Having a dental crown instils personal empowerment aside from the concrete benefits. Addressing dental issues and actively participating in the oral health journey creates a sense of responsibility and self-care. Empowerment leads to increased confidence in one's choices and overall well-being.
Long-term confidence is enhanced by the endurance of dental crowns. The awareness that one has a strong and long-lasting dental restoration alleviates anxiety about potential complications, allowing people to focus on the present and future optimistically.
Getting a tooth crown requires discussion and teamwork, which boosts confidence. Open communication with a dentist about objectives and concerns ensures a personalised treatment plan that is matched with individual goals. The collaborative method makes it easier to trust the treatment process and the results that are expected.
What Are the Materials Used in Making Dental Crowns?
The materials used in making dental crowns are listed below.
- Zirconia Crowns: Zirconia crowns are made of zirconium dioxide, a robust and long-lasting ceramic substance. Zirconia crowns are known for their remarkable strength, which makes them suitable for withstanding chewing stresses, particularly on back teeth. Their translucent nature provides for a more natural appearance, making them a popular choice for both front and back teeth.
- Porcelain or Ceramic Crowns: Porcelain or ceramic crowns are well-known for closely replicating the colour, texture, and translucency of genuine teeth. They are great for noticeable front teeth due to their aesthetic appeal. Porcelain or ceramic crowns are valued for their ability to fit in with the existing teeth, enhancing the overall smile.
- Porcelain-Fused-to-Metal Crowns: The strength of a metal foundation is combined with the natural appearance of porcelain in porcelain-fused-to-metal crowns. The metal substructure ensures endurance, while the porcelain overlay is aesthetically attractive. Note that the porcelain layer wears down with time, compromising the crown's appearance.
- Metal Crowns: Metal crowns are made from metal alloys such as gold, silver, and palladium. Metal crowns are known for their outstanding endurance and robustness, especially in rear teeth that are subjected to significant chewing forces. Their metallic appearance renders them unsuitable for front teeth that are visible.
How Much Does a Dental Crown Procedure Usually Cost?
Dental Crown procedures usually cost from €140 to €300 in Turkey. The cost of the procedure is influenced by the dentist's experience and reputation. Given the perceived quality of their service, dentists with significant expertise and a great reputation charge higher prices. The total cost increase if any additional procedures are necessary before the crown is going to be installed such as root canal treatment or gum therapy.
The type of crown material chosen is a major cost determinant. Metal crowns are less expensive than all ceramic or porcelain-fused-to-metal crowns, owing to variations in material costs and fabrication complexity. The geographical area of residence significantly affects the overall cost. Dental prices in metropolitan areas and places with greater cost of living tend to be higher than in less urban or more cost-effective locations.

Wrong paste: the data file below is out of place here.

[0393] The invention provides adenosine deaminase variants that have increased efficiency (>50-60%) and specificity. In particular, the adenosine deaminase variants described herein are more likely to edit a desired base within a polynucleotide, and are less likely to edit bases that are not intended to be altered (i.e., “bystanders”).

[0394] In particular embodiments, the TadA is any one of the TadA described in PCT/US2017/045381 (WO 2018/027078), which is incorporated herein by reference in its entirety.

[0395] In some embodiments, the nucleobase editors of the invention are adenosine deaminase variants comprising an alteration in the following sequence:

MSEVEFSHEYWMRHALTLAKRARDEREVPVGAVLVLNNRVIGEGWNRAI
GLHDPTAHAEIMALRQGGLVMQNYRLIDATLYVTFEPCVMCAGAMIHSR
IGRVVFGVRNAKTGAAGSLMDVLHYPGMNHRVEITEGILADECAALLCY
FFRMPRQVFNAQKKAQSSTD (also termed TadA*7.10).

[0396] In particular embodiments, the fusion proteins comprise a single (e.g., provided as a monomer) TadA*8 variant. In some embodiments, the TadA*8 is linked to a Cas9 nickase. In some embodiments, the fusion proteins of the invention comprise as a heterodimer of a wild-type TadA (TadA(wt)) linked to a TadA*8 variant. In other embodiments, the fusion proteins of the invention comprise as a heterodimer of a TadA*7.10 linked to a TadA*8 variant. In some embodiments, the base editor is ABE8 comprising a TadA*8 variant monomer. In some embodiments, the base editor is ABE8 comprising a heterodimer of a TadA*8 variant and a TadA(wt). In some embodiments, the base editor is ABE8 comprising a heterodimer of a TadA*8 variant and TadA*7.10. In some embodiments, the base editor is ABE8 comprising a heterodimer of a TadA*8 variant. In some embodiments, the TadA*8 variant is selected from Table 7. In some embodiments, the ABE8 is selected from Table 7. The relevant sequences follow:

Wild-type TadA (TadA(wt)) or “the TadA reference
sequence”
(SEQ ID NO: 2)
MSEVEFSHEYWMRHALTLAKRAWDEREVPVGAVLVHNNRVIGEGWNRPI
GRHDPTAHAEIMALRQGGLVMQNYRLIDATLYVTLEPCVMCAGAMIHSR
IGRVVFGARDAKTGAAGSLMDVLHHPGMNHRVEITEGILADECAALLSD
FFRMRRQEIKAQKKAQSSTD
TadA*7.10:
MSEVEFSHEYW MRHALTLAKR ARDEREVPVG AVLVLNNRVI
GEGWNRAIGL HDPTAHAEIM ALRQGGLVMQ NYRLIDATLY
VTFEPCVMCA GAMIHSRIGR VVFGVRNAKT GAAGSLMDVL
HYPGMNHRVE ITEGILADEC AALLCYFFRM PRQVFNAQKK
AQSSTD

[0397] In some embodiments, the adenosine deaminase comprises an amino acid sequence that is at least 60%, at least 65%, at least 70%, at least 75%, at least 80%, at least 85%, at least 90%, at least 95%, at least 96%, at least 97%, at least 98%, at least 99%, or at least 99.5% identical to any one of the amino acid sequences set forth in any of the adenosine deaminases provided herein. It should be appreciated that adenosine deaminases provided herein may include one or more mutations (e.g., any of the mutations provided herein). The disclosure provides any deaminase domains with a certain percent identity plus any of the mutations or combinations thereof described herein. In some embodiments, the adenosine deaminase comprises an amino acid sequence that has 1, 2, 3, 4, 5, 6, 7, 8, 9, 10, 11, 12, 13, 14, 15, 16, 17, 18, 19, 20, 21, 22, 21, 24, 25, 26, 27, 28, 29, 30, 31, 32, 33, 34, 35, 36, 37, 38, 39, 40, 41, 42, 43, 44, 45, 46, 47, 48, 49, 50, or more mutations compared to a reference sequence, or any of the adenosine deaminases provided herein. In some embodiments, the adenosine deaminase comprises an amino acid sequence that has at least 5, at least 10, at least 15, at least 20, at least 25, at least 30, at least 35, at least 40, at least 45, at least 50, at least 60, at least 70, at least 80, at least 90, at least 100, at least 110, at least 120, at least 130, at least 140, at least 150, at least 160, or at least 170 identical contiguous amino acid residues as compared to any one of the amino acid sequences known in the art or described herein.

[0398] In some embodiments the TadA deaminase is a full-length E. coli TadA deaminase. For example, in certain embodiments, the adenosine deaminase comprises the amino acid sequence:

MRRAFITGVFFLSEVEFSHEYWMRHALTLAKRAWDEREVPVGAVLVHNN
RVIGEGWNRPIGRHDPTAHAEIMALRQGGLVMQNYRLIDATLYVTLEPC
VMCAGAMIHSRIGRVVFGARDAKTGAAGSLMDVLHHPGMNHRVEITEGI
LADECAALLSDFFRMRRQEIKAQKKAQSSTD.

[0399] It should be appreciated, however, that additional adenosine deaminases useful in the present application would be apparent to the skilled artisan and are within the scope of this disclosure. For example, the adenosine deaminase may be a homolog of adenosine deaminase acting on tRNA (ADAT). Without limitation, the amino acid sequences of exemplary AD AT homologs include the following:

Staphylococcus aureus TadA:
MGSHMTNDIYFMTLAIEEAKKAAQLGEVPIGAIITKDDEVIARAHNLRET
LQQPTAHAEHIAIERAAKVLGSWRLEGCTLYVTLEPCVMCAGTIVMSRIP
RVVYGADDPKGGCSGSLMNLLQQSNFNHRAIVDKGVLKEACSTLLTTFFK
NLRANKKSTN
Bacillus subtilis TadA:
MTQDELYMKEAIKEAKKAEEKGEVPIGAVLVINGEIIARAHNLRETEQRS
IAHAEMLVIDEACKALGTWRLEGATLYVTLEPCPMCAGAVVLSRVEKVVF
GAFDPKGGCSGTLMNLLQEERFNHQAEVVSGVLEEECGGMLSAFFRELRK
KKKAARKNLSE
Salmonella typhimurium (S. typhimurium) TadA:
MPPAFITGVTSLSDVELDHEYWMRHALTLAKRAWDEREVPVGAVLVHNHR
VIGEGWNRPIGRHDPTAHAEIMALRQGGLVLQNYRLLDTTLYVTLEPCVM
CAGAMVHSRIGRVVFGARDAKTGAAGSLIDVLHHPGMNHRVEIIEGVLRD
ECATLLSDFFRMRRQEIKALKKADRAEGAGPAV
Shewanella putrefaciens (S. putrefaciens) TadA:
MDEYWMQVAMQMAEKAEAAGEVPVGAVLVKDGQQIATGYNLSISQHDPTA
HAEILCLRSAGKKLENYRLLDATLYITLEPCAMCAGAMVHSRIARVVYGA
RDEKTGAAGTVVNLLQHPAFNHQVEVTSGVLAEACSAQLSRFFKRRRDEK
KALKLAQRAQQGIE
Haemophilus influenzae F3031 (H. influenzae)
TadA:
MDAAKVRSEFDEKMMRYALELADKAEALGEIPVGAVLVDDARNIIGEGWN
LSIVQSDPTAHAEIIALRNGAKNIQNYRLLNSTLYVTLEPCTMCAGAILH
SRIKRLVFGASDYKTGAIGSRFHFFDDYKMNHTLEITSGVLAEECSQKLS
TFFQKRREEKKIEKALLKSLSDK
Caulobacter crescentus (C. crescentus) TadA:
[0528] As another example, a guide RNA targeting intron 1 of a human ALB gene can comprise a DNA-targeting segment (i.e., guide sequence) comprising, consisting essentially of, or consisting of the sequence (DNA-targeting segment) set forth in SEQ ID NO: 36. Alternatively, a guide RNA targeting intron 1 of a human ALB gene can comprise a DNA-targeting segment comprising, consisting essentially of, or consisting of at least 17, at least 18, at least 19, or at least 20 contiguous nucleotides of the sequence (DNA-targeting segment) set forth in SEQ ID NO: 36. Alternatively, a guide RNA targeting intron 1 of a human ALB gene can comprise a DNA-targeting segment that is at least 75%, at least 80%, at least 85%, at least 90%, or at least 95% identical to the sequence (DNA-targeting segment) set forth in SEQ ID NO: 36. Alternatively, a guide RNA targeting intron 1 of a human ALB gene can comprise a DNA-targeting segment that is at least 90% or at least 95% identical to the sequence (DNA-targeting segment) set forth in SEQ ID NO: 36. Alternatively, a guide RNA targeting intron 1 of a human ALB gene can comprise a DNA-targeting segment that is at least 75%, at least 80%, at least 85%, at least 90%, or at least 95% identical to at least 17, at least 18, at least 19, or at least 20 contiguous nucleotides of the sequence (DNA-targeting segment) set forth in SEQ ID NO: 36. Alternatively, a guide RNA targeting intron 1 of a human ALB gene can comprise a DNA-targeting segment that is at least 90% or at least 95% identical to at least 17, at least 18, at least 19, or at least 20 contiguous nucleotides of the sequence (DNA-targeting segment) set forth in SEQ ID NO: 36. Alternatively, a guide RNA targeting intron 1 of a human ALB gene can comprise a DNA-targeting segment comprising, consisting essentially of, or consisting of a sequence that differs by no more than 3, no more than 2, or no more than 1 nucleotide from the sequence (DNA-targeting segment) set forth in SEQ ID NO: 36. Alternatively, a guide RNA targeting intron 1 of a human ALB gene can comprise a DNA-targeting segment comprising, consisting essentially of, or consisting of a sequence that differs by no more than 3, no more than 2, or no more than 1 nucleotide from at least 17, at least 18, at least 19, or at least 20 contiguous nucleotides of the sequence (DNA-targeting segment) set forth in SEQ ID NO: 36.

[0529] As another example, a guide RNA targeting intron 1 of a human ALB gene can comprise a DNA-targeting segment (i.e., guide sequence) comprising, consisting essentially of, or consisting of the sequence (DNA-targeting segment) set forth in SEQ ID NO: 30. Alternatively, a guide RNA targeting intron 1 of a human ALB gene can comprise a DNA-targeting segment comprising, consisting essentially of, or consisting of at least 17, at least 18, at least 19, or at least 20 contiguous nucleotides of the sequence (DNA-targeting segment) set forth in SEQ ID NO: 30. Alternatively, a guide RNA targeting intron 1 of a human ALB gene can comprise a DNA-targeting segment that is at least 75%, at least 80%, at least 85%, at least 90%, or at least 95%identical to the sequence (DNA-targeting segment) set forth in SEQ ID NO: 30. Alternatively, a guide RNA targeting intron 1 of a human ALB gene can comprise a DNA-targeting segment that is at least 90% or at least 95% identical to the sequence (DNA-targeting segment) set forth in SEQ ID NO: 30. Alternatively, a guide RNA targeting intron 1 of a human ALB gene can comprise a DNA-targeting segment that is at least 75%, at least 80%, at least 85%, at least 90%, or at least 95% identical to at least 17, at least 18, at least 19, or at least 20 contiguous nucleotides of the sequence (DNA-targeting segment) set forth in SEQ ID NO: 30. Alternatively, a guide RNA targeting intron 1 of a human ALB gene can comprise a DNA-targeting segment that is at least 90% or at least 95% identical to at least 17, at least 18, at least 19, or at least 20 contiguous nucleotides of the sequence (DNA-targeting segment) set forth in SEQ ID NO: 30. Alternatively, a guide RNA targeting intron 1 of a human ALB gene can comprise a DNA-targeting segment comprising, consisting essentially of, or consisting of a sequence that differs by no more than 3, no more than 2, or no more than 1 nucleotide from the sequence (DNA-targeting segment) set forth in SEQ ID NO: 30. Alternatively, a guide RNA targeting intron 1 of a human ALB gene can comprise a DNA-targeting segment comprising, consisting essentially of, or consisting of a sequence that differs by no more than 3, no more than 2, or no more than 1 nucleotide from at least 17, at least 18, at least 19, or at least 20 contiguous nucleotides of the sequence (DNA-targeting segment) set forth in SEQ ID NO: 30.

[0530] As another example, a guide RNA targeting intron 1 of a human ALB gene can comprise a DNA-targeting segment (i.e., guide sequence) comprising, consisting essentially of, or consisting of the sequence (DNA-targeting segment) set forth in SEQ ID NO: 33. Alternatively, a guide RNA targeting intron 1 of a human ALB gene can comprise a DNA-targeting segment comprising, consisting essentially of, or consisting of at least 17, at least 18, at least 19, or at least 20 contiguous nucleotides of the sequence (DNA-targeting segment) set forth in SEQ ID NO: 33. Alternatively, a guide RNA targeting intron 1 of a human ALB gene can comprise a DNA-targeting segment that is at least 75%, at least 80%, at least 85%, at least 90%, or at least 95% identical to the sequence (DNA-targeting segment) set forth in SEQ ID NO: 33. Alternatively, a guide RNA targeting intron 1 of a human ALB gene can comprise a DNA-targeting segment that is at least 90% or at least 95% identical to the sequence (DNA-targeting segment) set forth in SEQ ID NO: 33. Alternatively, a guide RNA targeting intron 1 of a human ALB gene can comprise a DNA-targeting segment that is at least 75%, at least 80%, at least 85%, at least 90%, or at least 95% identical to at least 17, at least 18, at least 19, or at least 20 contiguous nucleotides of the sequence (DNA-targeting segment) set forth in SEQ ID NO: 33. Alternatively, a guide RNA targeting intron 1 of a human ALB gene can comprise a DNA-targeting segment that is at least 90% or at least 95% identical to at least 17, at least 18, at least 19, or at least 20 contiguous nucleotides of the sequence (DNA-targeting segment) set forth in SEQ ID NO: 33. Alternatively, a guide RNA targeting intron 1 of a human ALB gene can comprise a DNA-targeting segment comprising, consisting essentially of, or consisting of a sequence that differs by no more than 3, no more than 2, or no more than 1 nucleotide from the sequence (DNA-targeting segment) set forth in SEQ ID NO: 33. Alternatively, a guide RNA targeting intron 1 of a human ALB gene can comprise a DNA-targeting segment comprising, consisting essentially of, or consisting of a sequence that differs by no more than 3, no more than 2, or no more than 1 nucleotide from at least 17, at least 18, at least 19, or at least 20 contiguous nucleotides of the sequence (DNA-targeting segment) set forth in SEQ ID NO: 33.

Dental insurance coverage needs to be considered. There are dental insurance policies that cover a portion of the dental crown operation, reducing out-of-pocket costs. The level of coverage varies greatly, and some plans do not cover the surgery at all.
Additional ancillary charges, such as consultations, x-rays, and follow-up appointments, add to the overall cost. Talk about the potential charges with the dentist ahead of time to know exactly what to expect.
Certain dentists provide bundle deals for several crowns or offer discounts for certain payment methods. Financing options are available, making dental crown surgery more affordable and allowing you to spread the cost over time.
How Does Dental Crown Compare from Veneers?
A dental crown is a full-coverage restoration that covers the visible area of a tooth above the gum line. A dental crown is useful and aesthetically pleasing. Crowns are used to repair severely damaged teeth that have had root canals or have substantial decay or fractures. Crowns enhance the appearance of teeth in addition to providing structural support. Veneers are thin shells made of porcelain, that are put to the front surface of teeth. Crowns are used for cosmetic upgrades, such as removing stains, small chips, or unusual shapes.
The procedure of tooth preparation distinguishes the treatments. Dental crowns require a more thorough tooth reduction. The tooth is altered to accommodate the crown's thickness, which requires the loss of a considerable percentage of the tooth's structure. Veneers require just minor tooth reduction. A tiny layer of enamel from the front surface is removed to facilitate correct veneer application. The cautious technique makes veneers a desirable option for cosmetic improvements that do not require significant changes to the tooth structure.
The coverage that each restoration offers is another distinction. Dental crowns safeguard and fortify the visible portion of the tooth by covering the entire visible portion of the tooth. Veneers simply cover the front surface of the teeth. They do not offer the same level of structural support as dental crowns, despite the fact that they improve the appearance.
Dental crowns and veneers excel in various areas of cosmetic enhancement. Dental crowns are utilised for functional restoration, and while they improve looks, their primary focus is on providing strength and support to weakened teeth. Dental Veneers are developed to correct small cosmetic faults and create a more attractive grin. They are successful when the underlying tooth structure is healthy and the main goal is to improve appearance.
What Are the Signs that Indicate a Dental Crown May Need Replacement?
The signs that indicate a dental crown may need replacement are listed below.